News

Italian luxury notebook maker Moleskine has picked Canary Wharf and Covent Garden for its first standalone UK stores.

First Night: Adriana Lecouvreur, Royal Opera House, London

Two titanic talents bring star quality to a tale about dangers of fame

Verdi Rigoletto, Royal Opera House

The passing of La Stupenda, Dame Joan Sutherland, cast a long dark shadow over the evening and maybe it was that which gave this revival of Verdi’s Rigoletto (Gilda was one of many roles she famously sang at Covent Garden) an added frisson of commitment and excitement.

Dame Joan Sutherland: Soprano known as 'La Stupenda'

Joan Sutherland's career was so solid and durable – and those are miserable words for a thing of such brilliance – that it might seem perverse to fix on one night of it. But 17 February 1959 was the date, and the occasion, a performance of Lucia di Lammermoor at the Royal Opera House, Covent Garden, the stuff that legends are made of. "Yes, yes," people say as if to wave away the subject, quieten the old opera-bore, soothe a child who tells of improbable adventures which you know the real world lacks resources to supply, But no: that night was one of the great events of a lifetime, and the voice of wonder is not so easily silenced.

Jessica Duchen: 'La Stupenda', a voice as singular as Maria Callas

Covent Garden became Sutherland's artistic home and she was a key player in some of its biggest moments

Griffin's 'Question Time' inspires Bonnie Greer opera

It was one of the most controversial programmes in television history. When Nick Griffin, leader of the British National Party, was invited on to BBC 1's Question Time, it sparked massive protests. The programme, earlier this year, had extra edge because Mr Griffin was next to the black academic and playwright Bonnie Greer.

Ignite set to transform Covent Garden into an enchanted forest

If you go down to the Royal Opera House, you're sure of a big surprise. Next weekend, Covent Garden will be transformed into a series of different forests as part of Ignite, the annual three-day contemporary arts festival. There's a shimmering Floating Forest, with real trees hanging from the beams, in the Paul Hamlyn Hall, while 200 discarded opera costumes from the ROH archives will create a surreal Faded Forest in the Conservatory, alongside mannequins and an Amazonian soundscape. The Linbury Studio will be transformed into a Reclaimed Forest of recycled telegraph poles and a reflecting pool by the opera designer Dick Bird. And in the entrance hall, the Anglo-French artist Alice Anderson has been commissioned to create a forest of tumbling auburn hair titled "Mother Web", which will remain in place for a year.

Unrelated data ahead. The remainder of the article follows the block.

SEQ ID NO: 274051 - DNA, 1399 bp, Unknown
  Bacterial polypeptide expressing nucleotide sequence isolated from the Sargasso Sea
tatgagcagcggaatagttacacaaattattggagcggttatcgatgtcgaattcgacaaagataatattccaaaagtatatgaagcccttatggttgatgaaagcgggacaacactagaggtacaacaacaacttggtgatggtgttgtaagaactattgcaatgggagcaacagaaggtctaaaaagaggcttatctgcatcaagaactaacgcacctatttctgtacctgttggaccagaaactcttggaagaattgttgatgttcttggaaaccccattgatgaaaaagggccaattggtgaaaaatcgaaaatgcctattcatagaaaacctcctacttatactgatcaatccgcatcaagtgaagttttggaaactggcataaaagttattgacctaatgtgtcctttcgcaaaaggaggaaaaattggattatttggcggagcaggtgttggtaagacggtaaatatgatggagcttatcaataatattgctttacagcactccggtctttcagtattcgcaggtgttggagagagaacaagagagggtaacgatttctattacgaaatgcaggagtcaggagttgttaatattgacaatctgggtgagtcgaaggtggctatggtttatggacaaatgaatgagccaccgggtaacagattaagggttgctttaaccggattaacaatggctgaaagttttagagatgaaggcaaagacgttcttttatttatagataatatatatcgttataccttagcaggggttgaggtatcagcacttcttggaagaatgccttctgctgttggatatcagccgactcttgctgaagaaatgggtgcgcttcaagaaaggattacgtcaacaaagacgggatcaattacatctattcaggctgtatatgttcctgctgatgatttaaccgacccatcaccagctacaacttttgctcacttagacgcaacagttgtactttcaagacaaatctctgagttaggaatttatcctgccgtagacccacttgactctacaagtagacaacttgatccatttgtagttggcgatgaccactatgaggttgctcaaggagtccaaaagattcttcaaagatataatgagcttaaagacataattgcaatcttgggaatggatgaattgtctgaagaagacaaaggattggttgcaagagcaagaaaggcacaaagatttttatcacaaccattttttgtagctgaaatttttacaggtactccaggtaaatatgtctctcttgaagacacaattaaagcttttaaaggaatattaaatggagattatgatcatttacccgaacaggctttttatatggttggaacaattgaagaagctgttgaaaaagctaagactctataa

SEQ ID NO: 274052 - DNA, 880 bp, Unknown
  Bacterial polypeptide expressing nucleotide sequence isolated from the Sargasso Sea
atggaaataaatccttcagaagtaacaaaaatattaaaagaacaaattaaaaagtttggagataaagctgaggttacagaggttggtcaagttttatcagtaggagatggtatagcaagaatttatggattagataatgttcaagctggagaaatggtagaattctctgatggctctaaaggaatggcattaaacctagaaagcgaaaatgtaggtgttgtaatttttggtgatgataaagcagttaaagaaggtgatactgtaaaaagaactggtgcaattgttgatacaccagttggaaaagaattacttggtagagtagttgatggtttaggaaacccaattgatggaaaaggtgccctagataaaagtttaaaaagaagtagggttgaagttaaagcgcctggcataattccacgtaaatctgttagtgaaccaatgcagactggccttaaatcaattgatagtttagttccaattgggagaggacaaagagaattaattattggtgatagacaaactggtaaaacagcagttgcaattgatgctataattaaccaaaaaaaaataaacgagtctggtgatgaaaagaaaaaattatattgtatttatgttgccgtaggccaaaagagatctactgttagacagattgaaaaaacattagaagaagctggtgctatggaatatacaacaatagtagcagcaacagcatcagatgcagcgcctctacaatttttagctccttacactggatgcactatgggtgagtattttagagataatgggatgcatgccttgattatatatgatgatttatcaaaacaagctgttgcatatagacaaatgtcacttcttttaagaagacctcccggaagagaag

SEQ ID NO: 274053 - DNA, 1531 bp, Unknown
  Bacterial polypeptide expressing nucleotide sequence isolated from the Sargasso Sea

Gung-ho for gadgets: World's largest Apple store opens in Covent Garden

A line of acolytes snaked through London's Covent Garden yesterday, desperate to be among the first to sample the largest Apple store in the world. Though no new products were launched, the first 4,000 through the doors did get a free commemorative T-shirt. The shirts were gone within four hours.

Danish baritone Johan Reuter loses his head

One of the biggest challenges of the baritone repertoire is John the Baptist in Strauss's Salome: Bryn Terfel is most people's Covent Garden benchmark, and after him the gigantic Michael Volle. Stepping into Volle's shoes tomorrow – in the first revival of David McVicar's decadent Thirties production – is the Danish baritone Johan Reuter.

Observations: Figaro turns to tango

Erwin Schrott's dressing room is a-buzz. In walks a fellow Uruguayan to exchange fraternal greetings, then a dancer to collect his motorbike boots. Then a soprano comes in and parks her sleeping infant in a corner of the room: this is Anna Netrebko, Schrott's other half, about to open in Covent Garden's Manon: their son Tiago Arua is not quite two.

Soprano Eri Nakamura reveals steely determination

Those of us who had seen her on stage were in no way surprised that Eri Nakamura should make it to the finals of last year's Cardiff Singer of the World. For this petite and lustrous soprano, born in a remote Japanese village, has an unforgettable presence. After doing extraordinary things in Covent Garden's Hansel und Gretel and Dido and Aeneas, she's now a house favourite in soubrette roles, most recently as Musetta in La Bohème , for which she gives generous credit to the lapdog with whom she co-starred. "He was more used to his role than I was," she explains. "He was a proper professional, showing me how I should do things. He took away all my nervousness."

Covent Garden Market kicks off partner search

The Covent Garden Market Authority (CGMA), which runs the largest fresh-produce market in the UK, is understood to have called in advisers to help find a private-sector partner for the £1bn scheme to redevelop its 57-acre site.